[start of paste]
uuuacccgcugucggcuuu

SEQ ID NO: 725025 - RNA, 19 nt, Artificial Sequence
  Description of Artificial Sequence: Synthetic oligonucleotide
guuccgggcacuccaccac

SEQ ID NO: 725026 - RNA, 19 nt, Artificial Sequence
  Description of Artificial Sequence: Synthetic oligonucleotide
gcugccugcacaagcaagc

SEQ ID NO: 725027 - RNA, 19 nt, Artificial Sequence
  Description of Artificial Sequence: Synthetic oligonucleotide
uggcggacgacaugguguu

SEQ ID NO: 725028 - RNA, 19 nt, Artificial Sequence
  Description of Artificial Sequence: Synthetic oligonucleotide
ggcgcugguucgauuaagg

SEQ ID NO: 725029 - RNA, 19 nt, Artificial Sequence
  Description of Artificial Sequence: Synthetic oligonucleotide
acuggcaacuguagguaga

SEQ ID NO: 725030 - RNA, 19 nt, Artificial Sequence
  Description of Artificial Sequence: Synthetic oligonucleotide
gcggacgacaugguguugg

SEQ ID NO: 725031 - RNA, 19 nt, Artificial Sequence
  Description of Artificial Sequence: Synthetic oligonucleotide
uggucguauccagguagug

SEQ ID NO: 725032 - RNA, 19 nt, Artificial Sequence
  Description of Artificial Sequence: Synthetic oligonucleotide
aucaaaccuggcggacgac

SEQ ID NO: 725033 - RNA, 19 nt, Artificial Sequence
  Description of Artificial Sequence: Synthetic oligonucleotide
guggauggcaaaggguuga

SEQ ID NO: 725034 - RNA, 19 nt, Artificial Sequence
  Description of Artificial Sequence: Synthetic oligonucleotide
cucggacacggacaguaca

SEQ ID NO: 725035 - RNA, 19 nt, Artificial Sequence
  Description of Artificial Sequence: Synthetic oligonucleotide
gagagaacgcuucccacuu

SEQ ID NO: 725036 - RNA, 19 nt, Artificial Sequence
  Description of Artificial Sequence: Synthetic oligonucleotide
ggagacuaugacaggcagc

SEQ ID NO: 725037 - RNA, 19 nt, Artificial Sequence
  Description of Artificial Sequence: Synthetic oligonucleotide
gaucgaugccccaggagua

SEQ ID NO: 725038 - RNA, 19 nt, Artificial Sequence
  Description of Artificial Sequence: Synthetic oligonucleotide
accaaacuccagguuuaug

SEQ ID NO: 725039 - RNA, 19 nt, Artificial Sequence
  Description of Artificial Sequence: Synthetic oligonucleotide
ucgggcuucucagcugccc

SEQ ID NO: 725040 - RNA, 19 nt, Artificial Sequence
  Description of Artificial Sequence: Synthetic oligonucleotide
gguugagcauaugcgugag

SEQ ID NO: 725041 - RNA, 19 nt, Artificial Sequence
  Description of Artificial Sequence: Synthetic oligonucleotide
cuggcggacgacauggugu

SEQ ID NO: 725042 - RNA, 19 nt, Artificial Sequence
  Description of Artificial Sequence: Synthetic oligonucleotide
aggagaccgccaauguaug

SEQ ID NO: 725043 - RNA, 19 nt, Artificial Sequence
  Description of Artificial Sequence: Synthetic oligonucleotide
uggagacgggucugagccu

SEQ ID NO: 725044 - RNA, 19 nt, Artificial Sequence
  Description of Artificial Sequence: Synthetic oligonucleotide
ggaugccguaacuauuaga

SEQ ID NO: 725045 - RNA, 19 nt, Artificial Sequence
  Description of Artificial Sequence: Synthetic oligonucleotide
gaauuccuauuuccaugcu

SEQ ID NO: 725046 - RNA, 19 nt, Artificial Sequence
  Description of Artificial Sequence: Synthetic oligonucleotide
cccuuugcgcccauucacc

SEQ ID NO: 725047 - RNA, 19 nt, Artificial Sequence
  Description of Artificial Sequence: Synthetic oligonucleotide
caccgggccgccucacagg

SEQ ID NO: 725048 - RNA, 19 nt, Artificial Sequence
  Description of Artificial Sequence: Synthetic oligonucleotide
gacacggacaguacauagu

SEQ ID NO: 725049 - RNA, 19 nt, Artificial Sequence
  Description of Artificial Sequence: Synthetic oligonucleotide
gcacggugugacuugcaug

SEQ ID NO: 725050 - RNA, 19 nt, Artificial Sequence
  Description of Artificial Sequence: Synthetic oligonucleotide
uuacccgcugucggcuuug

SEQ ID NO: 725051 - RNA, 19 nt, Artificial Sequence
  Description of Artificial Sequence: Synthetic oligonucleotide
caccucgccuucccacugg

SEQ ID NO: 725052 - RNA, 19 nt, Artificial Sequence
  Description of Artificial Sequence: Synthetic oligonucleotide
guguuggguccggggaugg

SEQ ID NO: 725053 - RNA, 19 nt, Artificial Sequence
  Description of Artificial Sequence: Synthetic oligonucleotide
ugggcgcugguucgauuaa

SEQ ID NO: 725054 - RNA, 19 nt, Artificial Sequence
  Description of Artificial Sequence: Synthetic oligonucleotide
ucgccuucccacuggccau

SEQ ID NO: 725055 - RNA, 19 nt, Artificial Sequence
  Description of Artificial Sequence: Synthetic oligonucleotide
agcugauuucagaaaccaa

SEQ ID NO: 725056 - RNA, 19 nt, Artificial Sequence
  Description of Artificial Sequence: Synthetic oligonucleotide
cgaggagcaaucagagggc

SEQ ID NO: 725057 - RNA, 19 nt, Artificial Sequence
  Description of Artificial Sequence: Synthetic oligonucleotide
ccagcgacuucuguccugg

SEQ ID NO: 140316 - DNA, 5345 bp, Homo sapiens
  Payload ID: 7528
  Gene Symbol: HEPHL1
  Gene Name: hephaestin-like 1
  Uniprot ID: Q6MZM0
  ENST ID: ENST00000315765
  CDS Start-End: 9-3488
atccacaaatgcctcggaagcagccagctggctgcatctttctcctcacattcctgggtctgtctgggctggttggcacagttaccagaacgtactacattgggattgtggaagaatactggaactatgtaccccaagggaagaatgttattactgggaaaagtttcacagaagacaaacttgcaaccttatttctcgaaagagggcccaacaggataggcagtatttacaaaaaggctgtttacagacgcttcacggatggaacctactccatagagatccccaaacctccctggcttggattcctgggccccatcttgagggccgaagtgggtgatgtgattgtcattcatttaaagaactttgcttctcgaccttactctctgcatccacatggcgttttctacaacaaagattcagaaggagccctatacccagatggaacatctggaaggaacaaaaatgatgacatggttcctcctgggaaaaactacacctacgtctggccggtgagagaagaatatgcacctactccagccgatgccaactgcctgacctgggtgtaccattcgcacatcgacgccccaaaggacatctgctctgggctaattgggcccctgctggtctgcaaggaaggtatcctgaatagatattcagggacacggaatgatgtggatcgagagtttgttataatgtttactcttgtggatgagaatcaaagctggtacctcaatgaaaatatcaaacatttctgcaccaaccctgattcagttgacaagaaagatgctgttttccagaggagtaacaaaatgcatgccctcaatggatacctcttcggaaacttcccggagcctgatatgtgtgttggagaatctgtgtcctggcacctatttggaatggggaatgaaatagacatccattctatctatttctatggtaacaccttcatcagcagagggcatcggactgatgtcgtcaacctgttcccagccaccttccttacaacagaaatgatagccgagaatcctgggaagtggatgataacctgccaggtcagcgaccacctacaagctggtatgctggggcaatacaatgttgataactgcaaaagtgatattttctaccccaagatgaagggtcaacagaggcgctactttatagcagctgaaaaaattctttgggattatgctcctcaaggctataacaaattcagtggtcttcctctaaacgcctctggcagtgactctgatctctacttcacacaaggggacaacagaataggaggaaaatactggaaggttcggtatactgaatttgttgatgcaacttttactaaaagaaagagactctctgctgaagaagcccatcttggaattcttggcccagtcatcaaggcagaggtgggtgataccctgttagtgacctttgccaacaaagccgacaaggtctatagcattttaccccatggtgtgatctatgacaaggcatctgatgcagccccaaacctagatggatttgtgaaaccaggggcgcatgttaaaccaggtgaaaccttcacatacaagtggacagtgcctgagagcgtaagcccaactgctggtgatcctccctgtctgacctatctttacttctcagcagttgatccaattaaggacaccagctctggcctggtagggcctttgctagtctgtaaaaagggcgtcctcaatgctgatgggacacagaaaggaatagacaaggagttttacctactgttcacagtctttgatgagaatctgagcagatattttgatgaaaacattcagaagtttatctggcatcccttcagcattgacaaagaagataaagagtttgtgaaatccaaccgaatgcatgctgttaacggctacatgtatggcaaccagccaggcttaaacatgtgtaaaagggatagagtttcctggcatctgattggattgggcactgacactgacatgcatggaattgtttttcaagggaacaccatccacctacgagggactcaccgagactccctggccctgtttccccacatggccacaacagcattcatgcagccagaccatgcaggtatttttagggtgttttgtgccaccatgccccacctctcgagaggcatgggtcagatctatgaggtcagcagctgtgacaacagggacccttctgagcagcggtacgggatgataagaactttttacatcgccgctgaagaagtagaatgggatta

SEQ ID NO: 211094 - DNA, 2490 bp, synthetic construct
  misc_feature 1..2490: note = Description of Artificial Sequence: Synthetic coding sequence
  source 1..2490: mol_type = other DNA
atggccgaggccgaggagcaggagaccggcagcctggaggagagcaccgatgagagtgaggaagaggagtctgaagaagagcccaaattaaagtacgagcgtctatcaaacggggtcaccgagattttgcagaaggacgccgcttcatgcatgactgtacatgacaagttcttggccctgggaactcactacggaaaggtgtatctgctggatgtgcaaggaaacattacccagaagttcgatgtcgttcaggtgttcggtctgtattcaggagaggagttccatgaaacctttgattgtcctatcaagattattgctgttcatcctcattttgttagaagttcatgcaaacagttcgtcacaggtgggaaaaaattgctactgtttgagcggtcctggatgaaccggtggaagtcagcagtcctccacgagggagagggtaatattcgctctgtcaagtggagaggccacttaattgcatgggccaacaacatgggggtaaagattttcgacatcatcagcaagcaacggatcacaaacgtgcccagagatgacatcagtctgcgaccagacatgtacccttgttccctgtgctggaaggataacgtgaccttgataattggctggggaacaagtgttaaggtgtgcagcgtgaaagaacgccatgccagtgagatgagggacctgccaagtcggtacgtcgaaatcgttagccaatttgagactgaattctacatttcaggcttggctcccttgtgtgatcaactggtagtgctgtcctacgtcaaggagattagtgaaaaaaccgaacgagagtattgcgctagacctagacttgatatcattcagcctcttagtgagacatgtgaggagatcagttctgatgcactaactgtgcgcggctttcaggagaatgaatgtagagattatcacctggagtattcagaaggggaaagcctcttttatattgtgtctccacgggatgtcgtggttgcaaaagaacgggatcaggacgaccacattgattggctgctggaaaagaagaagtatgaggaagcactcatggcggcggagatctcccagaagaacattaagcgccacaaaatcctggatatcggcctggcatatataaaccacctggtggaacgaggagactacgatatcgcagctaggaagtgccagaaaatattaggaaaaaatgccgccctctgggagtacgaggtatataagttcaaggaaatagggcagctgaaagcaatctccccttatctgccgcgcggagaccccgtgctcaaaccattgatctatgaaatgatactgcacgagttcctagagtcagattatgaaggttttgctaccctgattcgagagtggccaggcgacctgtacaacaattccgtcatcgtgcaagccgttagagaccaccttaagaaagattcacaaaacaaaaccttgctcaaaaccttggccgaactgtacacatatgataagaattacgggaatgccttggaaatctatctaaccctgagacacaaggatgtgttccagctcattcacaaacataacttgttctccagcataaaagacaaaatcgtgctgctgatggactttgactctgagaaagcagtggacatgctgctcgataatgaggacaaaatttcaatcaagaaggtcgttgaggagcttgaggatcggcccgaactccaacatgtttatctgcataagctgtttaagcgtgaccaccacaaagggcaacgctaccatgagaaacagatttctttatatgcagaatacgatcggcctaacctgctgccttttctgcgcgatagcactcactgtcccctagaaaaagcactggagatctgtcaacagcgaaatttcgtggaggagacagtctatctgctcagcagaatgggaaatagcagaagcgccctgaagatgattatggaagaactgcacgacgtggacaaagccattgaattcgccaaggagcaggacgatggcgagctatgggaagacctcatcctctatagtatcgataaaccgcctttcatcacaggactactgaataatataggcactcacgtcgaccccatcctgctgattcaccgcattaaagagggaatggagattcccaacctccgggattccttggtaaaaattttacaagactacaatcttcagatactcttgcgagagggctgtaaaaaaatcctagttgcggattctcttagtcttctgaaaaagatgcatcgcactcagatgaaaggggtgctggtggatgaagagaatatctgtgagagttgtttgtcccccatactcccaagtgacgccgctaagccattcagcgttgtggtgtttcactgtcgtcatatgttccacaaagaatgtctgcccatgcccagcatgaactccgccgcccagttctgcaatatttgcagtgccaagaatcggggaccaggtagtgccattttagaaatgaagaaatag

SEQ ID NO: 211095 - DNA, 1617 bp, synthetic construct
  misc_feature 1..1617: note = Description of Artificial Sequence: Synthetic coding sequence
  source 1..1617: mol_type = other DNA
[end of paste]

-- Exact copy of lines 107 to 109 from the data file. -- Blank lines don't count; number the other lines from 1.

  CDS Start-End: 9-3488
atccacaaatgcctcggaagcagccagctggctgcatctttctcctcacattcctgggtctgtctgggctggttggcacagttaccagaacgtactacattgggattgtggaagaatactggaactatgtaccccaagggaagaatgttattactgggaaaagtttcacagaagacaaacttgcaaccttatttctcgaaagagggcccaacaggataggcagtatttacaaaaaggctgtttacagacgcttcacggatggaacctactccatagagatccccaaacctccctggcttggattcctgggccccatcttgagggccgaagtgggtgatgtgattgtcattcatttaaagaactttgcttctcgaccttactctctgcatccacatggcgttttctacaacaaagattcagaaggagccctatacccagatggaacatctggaaggaacaaaaatgatgacatggttcctcctgggaaaaactacacctacgtctggccggtgagagaagaatatgcacctactccagccgatgccaactgcctgacctgggtgtaccattcgcacatcgacgccccaaaggacatctgctctgggctaattgggcccctgctggtctgcaaggaaggtatcctgaatagatattcagggacacggaatgatgtggatcgagagtttgttataatgtttactcttgtggatgagaatcaaagctggtacctcaatgaaaatatcaaacatttctgcaccaaccctgattcagttgacaagaaagatgctgttttccagaggagtaacaaaatgcatgccctcaatggatacctcttcggaaacttcccggagcctgatatgtgtgttggagaatctgtgtcctggcacctatttggaatggggaatgaaatagacatccattctatctatttctatggtaacaccttcatcagcagagggcatcggactgatgtcgtcaacctgttcccagccaccttccttacaacagaaatgatagccgagaatcctgggaagtggatgataacctgccaggtcagcgaccacctacaagctggtatgctggggcaatacaatgttgataactgcaaaagtgatattttctaccccaagatgaagggtcaacagaggcgctactttatagcagctgaaaaaattctttgggattatgctcctcaaggctataacaaattcagtggtcttcctctaaacgcctctggcagtgactctgatctctacttcacacaaggggacaacagaataggaggaaaatactggaaggttcggtatactgaatttgttgatgcaacttttactaaaagaaagagactctctgctgaagaagcccatcttggaattcttggcccagtcatcaaggcagaggtgggtgataccctgttagtgacctttgccaacaaagccgacaaggtctatagcattttaccccatggtgtgatctatgacaaggcatctgatgcagccccaaacctagatggatttgtgaaaccaggggcgcatgttaaaccaggtgaaaccttcacatacaagtggacagtgcctgagagcgtaagcccaactgctggtgatcctccctgtctgacctatctttacttctcagcagttgatccaattaaggacaccagctctggcctggtagggcctttgctagtctgtaaaaagggcgtcctcaatgctgatgggacacagaaaggaatagacaaggagttttacctactgttcacagtctttgatgagaatctgagcagatattttgatgaaaacattcagaagtttatctggcatcccttcagcattgacaaagaagataaagagtttgtgaaatccaaccgaatgcatgctgttaacggctacatgtatggcaaccagccaggcttaaacatgtgtaaaagggatagagtttcctggcatctgattggattgggcactgacactgacatgcatggaattgtttttcaagggaacaccatccacctacgagggactcaccgagactccctggccctgtttccccacatggccacaacagcattcatgcagccagaccatgcaggtatttttagggtgttttgtgccaccatgccccacctctcgagaggcatgggtcagatctatgaggtcagcagctgtgacaacagggacccttctgagcagcggtacgggatgataagaactttttacatcgccgctgaagaagtagaatgggatta

SEQ ID NO: 211094 - DNA, 2490 bp, synthetic construct